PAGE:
STC has been mandated by the Saudi government (its main shareholder) to significantly increase its revenue in the next 3 years. To this end, it has set up a USD500 million capital fund, Saudi Technology Ventures, to invest in start-ups. It also expanded its portfolio of digital services. For example, it announced STC Pay, a mobile payment and remittance platform, and introduced its own OTT video platform, Jawwy TV in 2018. It also plans to open 12 new data centres within the next 3 years to support its digital ambitions.
The consolidation of Zain Saudi Arabia into the group's results helped to boost its financial KPIs
Zain has operations across the Middle East and Africa. Kuwait is its most profitable operation and the highest ARPU generator. Zain Group started to treat Zain Saudi Arabia as a subsidiary following the group's increased stake in the local operator in July 2018 This injected an additional USD1.1 billion in revenue into the group, and improved its EBITDA and market capitalisation.
Data was the main driver of growth with a reported 71% increase in non-messaging and non-VAS data revenue, representing a third of the group's total revenue in 2018. Zain is keen to continue to increase non-voice revenue and invested USD750 million in network expansion and 4G/5G upgrades including fibre roll-out, and additional spectrum in Saudi Arabia. It launched a pre-5G fixed–wireless service as a fibre alternative in Kuwait, an API platform to facilitate digital partnerships across its footprint, and zBot, an AI-driven customer support service in Bahrain and Kuwait.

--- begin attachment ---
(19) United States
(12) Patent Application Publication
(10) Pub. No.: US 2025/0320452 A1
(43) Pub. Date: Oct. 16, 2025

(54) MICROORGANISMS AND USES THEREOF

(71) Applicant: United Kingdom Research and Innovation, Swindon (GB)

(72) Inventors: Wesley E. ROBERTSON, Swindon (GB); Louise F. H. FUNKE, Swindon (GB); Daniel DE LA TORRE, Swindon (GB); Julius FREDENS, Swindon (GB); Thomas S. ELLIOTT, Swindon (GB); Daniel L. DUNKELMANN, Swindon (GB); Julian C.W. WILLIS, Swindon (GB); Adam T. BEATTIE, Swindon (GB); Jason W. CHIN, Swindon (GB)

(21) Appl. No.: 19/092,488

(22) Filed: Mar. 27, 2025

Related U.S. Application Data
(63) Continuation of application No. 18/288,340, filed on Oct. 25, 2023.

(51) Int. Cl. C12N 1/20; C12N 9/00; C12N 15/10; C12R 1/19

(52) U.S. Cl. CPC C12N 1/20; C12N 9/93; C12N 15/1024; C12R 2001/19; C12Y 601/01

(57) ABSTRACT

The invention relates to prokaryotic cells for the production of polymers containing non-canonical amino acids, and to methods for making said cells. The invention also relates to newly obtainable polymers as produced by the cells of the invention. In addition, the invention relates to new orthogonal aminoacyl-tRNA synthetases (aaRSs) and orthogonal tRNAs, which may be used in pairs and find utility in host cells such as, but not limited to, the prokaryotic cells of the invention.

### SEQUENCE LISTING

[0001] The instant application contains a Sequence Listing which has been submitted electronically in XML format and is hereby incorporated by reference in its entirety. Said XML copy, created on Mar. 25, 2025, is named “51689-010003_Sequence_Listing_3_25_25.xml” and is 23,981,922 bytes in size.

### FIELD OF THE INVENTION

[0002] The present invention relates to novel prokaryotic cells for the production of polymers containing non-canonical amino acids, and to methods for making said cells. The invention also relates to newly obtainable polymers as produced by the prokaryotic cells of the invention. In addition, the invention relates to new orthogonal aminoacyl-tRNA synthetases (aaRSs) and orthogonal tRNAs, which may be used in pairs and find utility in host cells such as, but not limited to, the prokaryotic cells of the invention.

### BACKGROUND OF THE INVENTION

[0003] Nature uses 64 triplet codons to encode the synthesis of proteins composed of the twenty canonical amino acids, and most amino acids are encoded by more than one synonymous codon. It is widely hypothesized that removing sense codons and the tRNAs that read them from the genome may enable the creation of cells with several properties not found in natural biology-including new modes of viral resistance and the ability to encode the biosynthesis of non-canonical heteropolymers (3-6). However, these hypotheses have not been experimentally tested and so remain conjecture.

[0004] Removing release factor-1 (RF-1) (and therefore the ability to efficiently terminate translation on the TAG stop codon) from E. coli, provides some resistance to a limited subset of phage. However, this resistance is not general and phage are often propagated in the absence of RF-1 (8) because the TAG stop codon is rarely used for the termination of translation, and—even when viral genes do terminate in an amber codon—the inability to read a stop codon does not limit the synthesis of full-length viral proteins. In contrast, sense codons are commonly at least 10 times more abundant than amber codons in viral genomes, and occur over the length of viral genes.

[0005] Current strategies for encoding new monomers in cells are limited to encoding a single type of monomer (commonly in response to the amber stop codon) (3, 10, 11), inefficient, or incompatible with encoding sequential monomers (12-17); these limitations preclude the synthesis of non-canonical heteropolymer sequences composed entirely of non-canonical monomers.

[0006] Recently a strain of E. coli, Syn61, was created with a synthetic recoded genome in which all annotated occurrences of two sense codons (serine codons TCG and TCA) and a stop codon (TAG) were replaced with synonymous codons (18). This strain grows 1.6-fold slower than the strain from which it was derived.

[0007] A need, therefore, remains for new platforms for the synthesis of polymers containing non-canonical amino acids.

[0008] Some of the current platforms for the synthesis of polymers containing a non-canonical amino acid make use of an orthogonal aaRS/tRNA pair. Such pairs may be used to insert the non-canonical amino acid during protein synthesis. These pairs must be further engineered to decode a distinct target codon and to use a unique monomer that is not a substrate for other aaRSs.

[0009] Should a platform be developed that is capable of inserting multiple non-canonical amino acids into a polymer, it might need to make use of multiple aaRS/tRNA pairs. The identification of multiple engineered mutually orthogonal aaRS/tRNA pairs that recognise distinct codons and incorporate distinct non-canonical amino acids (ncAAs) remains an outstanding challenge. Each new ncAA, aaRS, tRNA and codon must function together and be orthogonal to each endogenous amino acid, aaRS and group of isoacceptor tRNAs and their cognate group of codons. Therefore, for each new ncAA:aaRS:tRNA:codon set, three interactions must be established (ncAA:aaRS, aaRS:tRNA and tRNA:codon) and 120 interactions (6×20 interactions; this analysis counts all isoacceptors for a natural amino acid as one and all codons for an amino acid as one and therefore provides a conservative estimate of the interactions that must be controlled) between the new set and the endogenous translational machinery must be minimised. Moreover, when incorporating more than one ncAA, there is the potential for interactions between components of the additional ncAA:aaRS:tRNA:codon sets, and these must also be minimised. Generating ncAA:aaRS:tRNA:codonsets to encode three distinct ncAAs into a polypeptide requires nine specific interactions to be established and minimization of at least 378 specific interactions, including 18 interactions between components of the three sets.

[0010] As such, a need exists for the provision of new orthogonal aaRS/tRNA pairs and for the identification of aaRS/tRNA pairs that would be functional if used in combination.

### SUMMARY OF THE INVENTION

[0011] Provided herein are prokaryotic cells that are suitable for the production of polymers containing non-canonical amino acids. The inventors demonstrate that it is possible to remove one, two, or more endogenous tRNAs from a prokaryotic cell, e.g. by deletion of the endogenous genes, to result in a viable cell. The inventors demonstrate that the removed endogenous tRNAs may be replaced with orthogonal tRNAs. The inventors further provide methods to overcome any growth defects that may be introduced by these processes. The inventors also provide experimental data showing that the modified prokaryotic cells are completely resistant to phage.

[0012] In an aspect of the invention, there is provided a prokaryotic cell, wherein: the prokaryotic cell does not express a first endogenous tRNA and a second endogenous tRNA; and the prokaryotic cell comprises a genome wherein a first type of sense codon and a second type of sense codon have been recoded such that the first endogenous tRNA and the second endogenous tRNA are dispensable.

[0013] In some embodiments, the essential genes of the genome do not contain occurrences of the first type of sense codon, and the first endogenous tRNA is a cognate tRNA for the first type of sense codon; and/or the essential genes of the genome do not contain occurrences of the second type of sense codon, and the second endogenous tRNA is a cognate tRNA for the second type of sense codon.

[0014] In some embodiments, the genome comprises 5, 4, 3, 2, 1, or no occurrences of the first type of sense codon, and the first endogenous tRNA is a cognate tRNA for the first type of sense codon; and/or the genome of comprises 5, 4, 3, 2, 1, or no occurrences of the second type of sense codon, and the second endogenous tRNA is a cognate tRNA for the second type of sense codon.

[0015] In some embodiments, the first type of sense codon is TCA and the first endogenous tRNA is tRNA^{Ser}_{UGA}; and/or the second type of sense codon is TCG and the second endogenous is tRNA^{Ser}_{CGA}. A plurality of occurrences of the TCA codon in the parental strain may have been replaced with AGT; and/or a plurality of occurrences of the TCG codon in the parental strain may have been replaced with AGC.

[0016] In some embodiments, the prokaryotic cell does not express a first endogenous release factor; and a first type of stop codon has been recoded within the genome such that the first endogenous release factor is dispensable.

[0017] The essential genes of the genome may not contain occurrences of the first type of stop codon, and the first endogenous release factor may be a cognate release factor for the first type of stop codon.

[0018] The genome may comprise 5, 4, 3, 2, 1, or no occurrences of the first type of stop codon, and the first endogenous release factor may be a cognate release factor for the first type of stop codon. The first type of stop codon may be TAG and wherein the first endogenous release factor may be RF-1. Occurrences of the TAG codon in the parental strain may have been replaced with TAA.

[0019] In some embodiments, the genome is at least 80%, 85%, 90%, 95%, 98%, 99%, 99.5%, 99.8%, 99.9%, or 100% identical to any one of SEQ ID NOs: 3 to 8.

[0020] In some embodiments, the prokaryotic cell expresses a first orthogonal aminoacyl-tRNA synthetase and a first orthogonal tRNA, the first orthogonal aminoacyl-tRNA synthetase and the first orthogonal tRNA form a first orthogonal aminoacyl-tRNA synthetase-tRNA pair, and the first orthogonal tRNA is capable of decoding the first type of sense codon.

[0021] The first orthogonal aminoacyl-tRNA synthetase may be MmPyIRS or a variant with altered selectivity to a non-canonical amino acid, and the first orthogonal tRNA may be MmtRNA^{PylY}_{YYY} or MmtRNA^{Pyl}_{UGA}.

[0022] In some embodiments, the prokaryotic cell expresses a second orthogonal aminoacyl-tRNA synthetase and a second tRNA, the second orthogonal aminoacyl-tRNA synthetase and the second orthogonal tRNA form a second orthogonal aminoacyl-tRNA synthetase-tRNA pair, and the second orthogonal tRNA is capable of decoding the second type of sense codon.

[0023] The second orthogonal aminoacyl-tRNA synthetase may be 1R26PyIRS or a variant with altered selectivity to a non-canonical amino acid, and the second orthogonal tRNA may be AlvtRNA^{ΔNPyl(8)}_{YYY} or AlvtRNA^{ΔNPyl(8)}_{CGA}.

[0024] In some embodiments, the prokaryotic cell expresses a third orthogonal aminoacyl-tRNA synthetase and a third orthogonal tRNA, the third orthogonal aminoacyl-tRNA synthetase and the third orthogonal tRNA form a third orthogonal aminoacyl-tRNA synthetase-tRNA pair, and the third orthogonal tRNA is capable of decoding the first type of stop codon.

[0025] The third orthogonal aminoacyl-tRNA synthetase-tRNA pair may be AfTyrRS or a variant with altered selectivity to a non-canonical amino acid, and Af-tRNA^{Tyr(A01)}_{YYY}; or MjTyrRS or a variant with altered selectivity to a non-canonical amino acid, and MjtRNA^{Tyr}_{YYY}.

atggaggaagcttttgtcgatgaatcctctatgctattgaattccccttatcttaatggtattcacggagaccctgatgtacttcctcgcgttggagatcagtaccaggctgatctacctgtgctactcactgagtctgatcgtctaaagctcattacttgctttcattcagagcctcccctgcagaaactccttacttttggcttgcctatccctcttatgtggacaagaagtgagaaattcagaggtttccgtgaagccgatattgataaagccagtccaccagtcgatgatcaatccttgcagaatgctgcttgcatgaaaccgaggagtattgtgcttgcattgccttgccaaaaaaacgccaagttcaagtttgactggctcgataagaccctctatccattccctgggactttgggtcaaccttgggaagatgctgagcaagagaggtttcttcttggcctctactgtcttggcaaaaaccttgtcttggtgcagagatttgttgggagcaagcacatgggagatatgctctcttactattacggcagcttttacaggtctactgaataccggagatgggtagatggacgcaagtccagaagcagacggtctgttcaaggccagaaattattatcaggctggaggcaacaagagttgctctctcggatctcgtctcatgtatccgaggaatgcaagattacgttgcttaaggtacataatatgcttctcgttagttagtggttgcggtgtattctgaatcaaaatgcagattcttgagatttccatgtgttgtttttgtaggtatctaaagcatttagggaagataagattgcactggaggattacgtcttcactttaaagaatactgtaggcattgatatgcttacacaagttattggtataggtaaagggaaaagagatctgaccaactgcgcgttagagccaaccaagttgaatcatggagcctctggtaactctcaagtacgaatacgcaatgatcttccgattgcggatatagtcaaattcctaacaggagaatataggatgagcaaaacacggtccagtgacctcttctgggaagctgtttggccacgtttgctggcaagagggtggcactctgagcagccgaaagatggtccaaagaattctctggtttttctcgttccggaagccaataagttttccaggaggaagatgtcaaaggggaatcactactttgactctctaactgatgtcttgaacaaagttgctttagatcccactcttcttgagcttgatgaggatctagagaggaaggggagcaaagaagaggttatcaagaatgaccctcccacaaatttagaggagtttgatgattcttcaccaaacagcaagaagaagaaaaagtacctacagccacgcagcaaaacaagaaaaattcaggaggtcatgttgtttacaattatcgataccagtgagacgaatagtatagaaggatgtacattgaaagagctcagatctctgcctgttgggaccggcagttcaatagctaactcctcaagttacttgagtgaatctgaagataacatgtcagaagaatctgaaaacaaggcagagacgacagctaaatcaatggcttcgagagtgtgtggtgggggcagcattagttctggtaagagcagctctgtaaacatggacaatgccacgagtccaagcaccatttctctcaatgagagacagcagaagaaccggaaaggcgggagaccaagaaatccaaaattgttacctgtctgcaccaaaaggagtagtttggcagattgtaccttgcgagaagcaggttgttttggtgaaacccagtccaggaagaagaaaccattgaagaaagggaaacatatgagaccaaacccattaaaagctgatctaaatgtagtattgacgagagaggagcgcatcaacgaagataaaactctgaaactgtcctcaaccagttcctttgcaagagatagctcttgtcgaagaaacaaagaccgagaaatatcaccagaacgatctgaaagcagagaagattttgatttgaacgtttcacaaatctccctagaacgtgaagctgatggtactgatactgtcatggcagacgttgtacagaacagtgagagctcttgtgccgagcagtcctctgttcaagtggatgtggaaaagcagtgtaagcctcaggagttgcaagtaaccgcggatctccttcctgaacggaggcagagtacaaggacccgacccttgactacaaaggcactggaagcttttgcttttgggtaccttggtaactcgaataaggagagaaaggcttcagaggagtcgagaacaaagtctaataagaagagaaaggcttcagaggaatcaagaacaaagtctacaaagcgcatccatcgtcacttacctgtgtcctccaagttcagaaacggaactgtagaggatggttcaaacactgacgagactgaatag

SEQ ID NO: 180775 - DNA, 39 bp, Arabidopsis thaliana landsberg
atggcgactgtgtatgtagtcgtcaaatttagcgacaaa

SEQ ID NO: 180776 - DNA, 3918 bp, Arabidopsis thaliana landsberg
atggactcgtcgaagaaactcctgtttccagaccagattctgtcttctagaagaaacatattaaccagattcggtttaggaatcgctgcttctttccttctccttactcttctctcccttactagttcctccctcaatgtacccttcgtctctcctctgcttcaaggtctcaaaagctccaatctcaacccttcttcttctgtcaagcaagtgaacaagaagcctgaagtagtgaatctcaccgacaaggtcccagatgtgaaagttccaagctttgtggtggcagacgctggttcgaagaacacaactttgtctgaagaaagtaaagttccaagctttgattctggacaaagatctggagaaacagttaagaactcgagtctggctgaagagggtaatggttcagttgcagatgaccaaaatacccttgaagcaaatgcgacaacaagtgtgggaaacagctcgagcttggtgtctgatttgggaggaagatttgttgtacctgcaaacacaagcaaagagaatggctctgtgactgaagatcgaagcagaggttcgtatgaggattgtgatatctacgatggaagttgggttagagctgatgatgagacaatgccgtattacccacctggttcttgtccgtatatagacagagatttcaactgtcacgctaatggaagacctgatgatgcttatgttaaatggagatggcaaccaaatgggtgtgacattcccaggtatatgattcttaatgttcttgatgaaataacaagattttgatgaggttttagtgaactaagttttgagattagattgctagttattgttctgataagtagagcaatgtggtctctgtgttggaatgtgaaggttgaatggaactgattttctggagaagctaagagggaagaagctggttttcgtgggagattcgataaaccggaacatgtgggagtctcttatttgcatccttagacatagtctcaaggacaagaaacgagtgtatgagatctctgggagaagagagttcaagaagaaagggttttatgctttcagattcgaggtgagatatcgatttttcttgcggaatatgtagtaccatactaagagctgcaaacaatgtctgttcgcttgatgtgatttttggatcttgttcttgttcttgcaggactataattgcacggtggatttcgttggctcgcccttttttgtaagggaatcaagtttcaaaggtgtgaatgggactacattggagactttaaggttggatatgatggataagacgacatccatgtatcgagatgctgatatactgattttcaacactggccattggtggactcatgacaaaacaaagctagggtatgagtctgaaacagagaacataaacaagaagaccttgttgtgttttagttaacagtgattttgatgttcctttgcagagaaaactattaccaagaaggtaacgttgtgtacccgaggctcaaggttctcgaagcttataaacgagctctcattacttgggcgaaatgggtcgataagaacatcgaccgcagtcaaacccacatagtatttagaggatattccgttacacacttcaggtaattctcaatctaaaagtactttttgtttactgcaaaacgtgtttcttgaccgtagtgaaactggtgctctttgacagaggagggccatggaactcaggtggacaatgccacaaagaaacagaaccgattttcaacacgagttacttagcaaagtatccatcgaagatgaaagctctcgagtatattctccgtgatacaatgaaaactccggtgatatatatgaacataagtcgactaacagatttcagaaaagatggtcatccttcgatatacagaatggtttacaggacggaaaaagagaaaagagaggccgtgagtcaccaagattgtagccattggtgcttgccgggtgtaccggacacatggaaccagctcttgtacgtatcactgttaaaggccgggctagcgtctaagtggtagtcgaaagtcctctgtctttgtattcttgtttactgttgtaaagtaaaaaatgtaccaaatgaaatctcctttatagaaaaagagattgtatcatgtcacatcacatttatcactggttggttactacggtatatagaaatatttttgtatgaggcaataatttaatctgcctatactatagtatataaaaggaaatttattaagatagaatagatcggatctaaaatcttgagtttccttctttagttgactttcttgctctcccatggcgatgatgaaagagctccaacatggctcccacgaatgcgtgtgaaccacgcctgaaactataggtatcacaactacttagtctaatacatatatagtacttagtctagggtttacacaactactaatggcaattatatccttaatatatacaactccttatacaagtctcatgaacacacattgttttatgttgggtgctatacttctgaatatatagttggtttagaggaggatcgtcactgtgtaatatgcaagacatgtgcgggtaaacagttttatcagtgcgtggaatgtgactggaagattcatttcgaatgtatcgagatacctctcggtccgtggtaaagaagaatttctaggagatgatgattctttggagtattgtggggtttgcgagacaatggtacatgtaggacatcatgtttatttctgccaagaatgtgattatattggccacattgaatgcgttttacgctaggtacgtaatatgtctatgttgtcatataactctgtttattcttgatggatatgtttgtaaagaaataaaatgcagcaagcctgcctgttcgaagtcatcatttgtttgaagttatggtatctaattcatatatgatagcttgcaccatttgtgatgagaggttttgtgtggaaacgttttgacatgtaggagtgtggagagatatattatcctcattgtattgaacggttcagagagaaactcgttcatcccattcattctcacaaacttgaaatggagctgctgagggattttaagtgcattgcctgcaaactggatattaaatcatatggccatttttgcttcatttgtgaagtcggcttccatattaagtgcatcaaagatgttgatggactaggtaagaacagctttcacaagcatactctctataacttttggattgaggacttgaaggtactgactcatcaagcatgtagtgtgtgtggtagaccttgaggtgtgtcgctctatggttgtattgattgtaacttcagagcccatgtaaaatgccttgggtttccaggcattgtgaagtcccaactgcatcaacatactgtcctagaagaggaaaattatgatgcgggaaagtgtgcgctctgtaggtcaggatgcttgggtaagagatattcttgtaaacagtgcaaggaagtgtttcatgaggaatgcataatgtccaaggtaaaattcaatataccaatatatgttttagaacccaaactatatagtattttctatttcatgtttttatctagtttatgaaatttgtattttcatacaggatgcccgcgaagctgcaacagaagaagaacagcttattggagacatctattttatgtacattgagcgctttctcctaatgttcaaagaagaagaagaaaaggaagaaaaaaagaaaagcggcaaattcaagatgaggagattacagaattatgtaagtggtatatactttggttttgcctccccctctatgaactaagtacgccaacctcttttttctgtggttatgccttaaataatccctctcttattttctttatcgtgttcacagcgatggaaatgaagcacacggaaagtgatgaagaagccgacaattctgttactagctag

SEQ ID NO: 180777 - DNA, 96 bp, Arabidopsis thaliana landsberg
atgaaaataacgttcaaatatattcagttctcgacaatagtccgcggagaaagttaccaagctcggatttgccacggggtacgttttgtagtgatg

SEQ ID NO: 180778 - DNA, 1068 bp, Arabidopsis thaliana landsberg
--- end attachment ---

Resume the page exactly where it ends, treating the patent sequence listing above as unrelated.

The positive financial performance of Gulf-based telecoms groups will help them to progress their transformation plans to become world-class digital service enablers. However, they will need to balance their mandate to support their governments' national digitalisation plans with the business imperative to increase shareholder value by remaining competitive and capitalising on opportunities in digital services. All of that must be achieved against the backdrop of persistent challenging economic, competitive and regulatory conditions in the region.